And they bear no relation at all to the income being earned by the household.

        • alwyn

          "land value tax taxes capital gains"

          That is a silly comment. A land value tax is a tax on the ownership of land. It is charged whether the land value rises or falls. It isn't a Capital Gains Tax at all. No gains are required before it becomes due.

          The Orchardists in Pakowhai would have to pay it this year even though their land is worth less than it was before the cyclone hit them. As long as the land has any value at all they would have to pay it, even though it may be unproductive for years.

          • mikesh

            That is a silly comment. A land value tax is a tax on the ownership of land. It is charged whether the land value rises or falls. It isn't a Capital Gains Tax at all. No gains are required before it becomes due.

            Quite so. It is a tax on land. It incorporates a tax on capital gain only when such a gain occurs. I would envisage that the underlying tax on the land would be offset by an adjustment to income tax rates; such an arrangement would merely represent a shift in the tax base.

            The Orchardists in Pakowhai would have to pay it this year even though their land is worth less than it was before the cyclone hit them. As long as the land has any value at all they would have to pay it, even though it may be unproductive for years.

            In that case it would probably be worth zero dollars – who would want to buy it – and no tax would be payable.

            • KJT

              Land revaluations every six months?

              I suppose that will result in lots more employment. For valuers and accountants?

              • mikesh

                I think, though of course I could be wrong, that land is revalued every three years, and the valuations that the IRD would work with are made by an organization called Quotable Value, not by miscellaneous "valuers and accountants".

        • Nic the NZer

          This land value tax sounds like rates. The problem with this is often the arguments for a LVT are that LVT's have some economic effects to discourage unproductive land use. But if that is the case we have had rates for long enough to see those effects already, because a tax by another name is still a tax and should have the same impacts even if it's named something different.

          The relationship between the bright-line test and a CGT is similar as CGT's are typically described as fixing the residential property market where the bright-line test already applies.

          So its my understanding that these tax proposals are not going to rebalance the economy in any particular manner, though they might be used to broaden the tax base.

      • Michael P 5.1.4

        100% Bearded Git

        Labour had 6 years in office, 3 of which they held a governing majority which would have enabled them to push through any reforms/changes to the tax system they wanted to.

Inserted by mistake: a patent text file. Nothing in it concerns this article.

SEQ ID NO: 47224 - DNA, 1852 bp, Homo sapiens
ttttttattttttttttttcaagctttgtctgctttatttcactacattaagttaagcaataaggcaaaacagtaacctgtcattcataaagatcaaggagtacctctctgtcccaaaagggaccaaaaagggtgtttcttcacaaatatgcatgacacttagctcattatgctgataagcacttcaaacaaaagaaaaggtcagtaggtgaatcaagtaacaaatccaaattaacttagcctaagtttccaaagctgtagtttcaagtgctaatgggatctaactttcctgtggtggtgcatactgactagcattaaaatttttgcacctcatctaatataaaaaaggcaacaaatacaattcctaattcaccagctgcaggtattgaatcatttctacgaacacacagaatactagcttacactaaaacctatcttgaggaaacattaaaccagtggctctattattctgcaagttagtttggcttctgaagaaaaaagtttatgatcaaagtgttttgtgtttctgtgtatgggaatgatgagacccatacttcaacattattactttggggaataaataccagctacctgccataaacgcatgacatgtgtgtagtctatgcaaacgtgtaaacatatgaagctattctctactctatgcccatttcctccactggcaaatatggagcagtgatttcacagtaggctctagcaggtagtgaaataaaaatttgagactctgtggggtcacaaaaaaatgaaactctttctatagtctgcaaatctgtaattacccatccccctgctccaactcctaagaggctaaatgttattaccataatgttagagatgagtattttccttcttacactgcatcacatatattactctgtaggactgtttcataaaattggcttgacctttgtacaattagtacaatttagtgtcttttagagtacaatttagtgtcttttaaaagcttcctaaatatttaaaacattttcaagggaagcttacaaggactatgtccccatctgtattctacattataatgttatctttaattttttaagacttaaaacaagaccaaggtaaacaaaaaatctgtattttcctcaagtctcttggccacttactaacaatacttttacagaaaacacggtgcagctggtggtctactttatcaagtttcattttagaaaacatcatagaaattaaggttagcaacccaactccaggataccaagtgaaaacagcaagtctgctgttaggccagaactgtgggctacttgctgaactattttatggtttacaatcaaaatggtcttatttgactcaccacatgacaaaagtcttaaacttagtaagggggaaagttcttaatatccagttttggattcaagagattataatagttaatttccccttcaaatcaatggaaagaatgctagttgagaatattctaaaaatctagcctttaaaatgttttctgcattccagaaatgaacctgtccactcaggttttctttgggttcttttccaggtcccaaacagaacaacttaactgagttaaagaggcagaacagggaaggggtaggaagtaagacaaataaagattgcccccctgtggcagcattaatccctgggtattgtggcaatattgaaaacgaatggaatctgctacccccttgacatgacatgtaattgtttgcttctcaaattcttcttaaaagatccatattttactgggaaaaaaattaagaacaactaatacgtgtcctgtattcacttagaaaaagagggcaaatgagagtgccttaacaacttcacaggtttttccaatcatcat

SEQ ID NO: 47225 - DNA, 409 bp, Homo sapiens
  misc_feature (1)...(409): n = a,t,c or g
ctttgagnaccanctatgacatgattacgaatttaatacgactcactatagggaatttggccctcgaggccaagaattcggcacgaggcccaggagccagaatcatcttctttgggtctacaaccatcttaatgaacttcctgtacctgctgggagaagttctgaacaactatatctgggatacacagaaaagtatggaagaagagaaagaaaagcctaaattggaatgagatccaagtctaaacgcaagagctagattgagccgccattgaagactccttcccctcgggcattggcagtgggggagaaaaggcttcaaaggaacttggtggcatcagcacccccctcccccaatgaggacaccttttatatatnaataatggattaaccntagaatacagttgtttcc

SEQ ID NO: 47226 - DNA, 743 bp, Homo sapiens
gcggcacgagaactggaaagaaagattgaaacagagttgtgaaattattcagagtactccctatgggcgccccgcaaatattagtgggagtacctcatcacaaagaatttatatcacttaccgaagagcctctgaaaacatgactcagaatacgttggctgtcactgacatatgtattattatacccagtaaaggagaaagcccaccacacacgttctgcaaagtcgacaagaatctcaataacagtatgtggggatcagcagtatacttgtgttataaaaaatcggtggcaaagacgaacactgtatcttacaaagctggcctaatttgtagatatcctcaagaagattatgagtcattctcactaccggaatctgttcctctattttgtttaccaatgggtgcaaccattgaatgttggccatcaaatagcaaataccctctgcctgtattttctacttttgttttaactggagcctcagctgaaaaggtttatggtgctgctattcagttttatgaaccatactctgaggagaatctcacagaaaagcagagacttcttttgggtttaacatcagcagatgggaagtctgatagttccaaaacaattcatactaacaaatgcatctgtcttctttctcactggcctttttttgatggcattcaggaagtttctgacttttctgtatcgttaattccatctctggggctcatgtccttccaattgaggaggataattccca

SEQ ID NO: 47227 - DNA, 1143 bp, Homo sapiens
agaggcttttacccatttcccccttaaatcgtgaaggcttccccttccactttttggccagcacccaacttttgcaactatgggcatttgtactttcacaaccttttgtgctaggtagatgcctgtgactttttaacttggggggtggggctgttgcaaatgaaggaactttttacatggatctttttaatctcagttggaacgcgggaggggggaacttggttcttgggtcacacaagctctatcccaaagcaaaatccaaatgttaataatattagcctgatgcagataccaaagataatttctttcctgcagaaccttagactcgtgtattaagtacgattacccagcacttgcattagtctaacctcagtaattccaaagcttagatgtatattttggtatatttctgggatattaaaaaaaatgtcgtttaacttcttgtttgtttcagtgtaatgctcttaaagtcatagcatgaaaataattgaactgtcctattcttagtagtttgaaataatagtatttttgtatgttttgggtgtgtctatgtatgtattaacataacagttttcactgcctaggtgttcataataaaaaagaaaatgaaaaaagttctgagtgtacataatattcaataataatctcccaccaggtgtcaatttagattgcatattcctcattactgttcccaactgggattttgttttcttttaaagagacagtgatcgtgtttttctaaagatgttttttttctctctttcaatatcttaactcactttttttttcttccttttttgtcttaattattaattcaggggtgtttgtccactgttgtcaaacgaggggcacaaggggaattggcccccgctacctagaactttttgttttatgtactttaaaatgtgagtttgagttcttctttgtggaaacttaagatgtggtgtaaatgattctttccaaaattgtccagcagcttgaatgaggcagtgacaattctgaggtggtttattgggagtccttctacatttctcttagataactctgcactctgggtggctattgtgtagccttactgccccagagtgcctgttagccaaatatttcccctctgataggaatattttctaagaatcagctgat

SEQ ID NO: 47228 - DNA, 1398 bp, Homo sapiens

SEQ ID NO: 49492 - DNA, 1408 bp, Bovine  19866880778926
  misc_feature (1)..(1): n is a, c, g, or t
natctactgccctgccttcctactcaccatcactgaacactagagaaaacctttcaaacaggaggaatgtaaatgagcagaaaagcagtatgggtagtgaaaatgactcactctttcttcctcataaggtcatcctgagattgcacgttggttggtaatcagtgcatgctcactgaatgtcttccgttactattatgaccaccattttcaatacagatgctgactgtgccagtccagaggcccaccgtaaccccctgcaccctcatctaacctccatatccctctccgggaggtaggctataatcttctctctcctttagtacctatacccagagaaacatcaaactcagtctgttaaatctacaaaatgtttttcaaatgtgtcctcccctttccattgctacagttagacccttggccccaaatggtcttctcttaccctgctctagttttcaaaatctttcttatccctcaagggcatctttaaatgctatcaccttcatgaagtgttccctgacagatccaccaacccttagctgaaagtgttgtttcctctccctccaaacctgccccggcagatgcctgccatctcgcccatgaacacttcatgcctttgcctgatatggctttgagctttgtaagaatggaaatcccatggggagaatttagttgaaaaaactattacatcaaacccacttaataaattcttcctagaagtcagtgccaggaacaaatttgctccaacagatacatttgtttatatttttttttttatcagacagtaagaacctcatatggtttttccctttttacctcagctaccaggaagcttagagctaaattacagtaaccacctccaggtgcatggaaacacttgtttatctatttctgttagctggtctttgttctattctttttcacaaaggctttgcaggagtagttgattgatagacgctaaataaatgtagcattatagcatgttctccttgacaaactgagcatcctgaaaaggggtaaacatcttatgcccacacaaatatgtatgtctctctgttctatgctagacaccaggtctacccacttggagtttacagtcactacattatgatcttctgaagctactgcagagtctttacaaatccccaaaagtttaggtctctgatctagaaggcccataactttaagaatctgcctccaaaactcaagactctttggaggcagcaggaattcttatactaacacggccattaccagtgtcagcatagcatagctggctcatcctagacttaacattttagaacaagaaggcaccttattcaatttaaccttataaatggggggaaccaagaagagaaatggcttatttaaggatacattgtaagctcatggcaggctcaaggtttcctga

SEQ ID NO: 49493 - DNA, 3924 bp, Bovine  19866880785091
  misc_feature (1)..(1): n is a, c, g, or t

Ardern and Hipkins as Prime Ministers both categorically ruled out any form of wealth tax or any major reforms to make the tax system fairer, despite their own commissioned report detailing how the very wealthy pay such a small amount of tax and despite polls suggesting a large majority of Kiwis, (including some of the wealthy) would support wealth taxes.

        This from a party that is supposed to be the champion of the poor and the working class.

        If you were conspiracy minded it might even make you question who is really calling the shots in regards to government economic / tax, etc policy …. It did seem a bit strange to me that both of them came out with such public "definitely not" statements. Is it possible they had beem told "no wealth tax or else?" (cue spooky twilight zone music…)

      • Michael P 5.1.5

        A wealth tax isn't a tax on 'unrealised gains' (or what some might call estimated potential profit) , it's a tax on wealth, which is largely quantifiable. IRD when it wants to (and when it has the resources) is actually pretty good at tracking down and detailing all sorts of financial info.

        What do you classify as 'the family home'?

        If a person owns a residential property then that is wealth (that mostly increases in value all by itself) and should at least be included in any discussion regarding wealth taxes IMO.

        It would be up to the powers that be as to what thresholds and so on would be in place as to what amount of wealth decides inclusion for a wealth tax.

        For many people right now, home ownership is something enjoyed by the 'wealthy'. If we just keep carrying on and tinkering and never really implementing any radical change then the only path we are heading down is that where in the future only the 'very wealthy' will own property. Home ownership rates have been on a steep and steady decline over the last 4 decades. That isn't going to somehow miraculously level out or heaven forbid go back up without massive intervention in various ways. So less and less people will own more and more property until…